Russian police detains opposition mayor over bribe

The mayor of Yaroslavl, a liberal politician whose election last year was a major victory for the anti-Kremlin protest movement, was detained Wednesday on bribery charges in the latest blow to the opposition.

Yevgeny Urlashov, who was elected in April 2012 after a heated campaign in polls monitored by scores of volunteers from Moscow, was detained in the early hours of Wednesday and accused of extorting a 14-million-ruble ($420,000) bribe from a businessman.

The Investigative Committee said in a statement that Urlashov and four of his subordinates were under investigation on the charge, which could lead to a prison term.

According to footage broadcast on national television, during the arrest police officers carefully laid out packs of banknotes allegedly found in the apartment of Urlashov's neighbour, where he was said to have hidden them.

Masked men also raided the city hall of Yaroslavl, a city of 600,000 some 300 kilometres (185 miles) north of Moscow, forcing several employees down on the floor.

Looking dazed and surrounded by the masked officers, Urlashov said the arrest was an attempt by corrupt businessmen to oust him.

"I have said that I would fight it, and I am fighting it," he said, "and they are trying to remove me from the post."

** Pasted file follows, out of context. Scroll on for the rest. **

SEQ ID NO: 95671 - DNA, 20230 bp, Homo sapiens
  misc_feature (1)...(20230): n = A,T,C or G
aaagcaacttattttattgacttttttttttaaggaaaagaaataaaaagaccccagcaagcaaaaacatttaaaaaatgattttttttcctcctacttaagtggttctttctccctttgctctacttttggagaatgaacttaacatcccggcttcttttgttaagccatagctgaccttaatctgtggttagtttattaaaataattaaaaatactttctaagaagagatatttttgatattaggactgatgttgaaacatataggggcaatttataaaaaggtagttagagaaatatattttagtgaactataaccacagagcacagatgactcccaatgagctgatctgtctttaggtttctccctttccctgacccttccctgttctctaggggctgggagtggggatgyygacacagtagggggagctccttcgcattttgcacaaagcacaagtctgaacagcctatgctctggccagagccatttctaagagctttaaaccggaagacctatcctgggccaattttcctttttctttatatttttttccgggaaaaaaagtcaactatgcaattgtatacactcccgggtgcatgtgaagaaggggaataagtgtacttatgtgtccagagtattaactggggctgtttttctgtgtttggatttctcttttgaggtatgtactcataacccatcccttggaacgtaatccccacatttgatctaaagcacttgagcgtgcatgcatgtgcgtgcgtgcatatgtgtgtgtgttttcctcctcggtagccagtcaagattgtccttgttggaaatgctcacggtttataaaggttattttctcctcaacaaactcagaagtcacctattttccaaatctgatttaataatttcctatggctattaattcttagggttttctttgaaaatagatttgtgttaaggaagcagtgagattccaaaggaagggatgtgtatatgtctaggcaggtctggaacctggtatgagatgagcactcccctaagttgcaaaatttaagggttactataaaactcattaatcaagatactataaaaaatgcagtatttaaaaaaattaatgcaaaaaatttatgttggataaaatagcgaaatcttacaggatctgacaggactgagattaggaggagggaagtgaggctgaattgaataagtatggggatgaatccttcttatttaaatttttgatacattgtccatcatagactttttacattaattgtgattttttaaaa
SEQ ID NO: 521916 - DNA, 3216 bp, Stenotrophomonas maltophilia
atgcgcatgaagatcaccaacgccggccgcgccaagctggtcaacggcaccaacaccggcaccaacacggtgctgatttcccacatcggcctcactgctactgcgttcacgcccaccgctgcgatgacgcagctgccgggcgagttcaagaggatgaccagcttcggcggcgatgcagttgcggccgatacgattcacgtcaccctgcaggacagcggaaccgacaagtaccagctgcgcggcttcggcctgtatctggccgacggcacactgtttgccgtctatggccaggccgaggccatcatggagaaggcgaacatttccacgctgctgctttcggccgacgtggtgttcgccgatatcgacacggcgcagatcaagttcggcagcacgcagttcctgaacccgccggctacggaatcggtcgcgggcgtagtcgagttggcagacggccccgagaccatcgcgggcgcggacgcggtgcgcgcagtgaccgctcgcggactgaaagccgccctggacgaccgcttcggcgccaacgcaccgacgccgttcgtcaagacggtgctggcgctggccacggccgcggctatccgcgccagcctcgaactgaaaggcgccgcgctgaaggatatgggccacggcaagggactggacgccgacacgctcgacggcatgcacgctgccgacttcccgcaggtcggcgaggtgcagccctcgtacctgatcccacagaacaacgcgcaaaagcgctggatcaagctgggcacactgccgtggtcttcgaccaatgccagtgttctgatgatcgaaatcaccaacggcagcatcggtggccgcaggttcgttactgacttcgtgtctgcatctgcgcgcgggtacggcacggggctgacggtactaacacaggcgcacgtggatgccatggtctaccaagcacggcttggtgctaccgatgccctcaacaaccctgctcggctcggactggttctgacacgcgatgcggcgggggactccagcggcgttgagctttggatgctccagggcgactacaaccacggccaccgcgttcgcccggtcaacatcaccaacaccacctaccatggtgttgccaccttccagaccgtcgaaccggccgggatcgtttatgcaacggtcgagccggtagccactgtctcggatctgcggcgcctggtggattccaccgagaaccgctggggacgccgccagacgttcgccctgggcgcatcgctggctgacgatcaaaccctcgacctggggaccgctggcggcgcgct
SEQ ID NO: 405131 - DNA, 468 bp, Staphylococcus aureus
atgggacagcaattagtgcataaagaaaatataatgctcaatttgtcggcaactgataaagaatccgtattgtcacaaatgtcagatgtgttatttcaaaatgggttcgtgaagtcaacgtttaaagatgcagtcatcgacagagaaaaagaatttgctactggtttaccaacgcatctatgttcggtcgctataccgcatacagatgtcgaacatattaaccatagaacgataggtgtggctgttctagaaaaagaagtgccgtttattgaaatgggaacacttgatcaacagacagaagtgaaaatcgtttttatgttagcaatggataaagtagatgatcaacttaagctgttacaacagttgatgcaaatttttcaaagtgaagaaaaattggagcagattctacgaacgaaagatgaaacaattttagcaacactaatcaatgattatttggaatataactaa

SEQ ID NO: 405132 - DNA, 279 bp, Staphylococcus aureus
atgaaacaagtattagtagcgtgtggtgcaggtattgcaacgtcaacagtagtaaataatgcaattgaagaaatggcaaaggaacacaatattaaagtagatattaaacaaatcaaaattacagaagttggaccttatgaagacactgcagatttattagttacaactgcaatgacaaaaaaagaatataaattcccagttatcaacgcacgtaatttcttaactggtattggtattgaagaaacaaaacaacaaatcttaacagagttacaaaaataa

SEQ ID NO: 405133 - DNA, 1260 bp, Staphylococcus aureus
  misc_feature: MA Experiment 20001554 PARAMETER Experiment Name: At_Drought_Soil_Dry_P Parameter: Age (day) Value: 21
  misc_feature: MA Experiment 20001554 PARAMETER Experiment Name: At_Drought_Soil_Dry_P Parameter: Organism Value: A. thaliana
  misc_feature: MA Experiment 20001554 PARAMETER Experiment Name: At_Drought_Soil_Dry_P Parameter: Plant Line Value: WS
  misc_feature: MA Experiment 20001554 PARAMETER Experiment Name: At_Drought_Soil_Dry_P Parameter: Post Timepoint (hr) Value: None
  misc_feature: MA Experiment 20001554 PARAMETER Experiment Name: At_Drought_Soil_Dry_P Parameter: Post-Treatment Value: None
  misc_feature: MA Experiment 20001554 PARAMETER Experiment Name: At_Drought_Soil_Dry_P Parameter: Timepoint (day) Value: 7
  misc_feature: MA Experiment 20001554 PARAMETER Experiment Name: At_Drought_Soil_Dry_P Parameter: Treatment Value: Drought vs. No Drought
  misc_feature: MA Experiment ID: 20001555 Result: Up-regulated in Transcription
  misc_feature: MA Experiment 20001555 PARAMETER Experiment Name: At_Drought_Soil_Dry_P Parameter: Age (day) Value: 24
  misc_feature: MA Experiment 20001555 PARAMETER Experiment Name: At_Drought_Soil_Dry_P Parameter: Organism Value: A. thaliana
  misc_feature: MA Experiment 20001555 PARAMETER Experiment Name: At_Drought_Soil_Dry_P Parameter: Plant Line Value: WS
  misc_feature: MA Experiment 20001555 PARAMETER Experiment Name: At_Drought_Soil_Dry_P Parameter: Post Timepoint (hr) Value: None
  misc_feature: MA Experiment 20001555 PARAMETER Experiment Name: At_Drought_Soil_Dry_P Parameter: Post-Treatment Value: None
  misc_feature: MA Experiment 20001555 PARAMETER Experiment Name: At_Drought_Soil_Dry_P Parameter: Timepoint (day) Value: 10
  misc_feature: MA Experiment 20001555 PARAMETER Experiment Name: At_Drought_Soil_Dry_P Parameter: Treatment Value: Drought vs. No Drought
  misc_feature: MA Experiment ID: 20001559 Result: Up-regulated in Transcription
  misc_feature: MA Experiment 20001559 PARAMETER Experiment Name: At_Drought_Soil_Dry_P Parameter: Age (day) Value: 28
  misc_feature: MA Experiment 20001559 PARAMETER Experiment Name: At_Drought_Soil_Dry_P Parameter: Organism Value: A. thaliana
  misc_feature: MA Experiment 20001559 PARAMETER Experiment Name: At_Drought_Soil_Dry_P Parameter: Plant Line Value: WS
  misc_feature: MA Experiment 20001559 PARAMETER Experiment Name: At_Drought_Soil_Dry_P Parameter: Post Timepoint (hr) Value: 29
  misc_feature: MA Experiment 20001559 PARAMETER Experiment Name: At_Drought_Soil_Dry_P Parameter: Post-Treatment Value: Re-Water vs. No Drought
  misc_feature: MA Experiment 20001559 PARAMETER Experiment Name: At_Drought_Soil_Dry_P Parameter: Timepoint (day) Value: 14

Urlashov made headlines when he quit the ruling United Russia party and ran against its candidate in the closely watched 2012 mayoral polls as an independent, winning with a comfortable margin.

The arrest, which follows similar detentions of independent mayors in recent years, is the latest blow to Russia's opposition movement.

Alexei Navalny, arguably the most charismatic leader of the protest movement who himself is standing trial and campaigning for the post of Moscow mayor, slammed Urlashov's arrest.

"Some citizens elect their mayors in competitive elections... then various crooks from United Russia come and fabricate criminal cases against the mayors," wrote Navalny, urging Yaroslavl residents to rally.

Billionaire politician Mikhail Prokhorov called the arrest a "demonstrative seizing of a popularly elected city leader" and a "blow to every Russian's civic rights and freedoms".

Mayors have for years remained the only officials still popularly elected in Russia besides the president.

Urlashov's detention echoes the arrest in 2011 of another mayor who won against a United Russia candidate, Alexander Serov of the Siberian city Bratsk.

He was removed from his locked apartment by masked officers with the help of a saw, and accused of receiving a multimillion ruble bribe from a businessman.

Serov, who denies the charges, lost his post, but there has not been a trial to this day.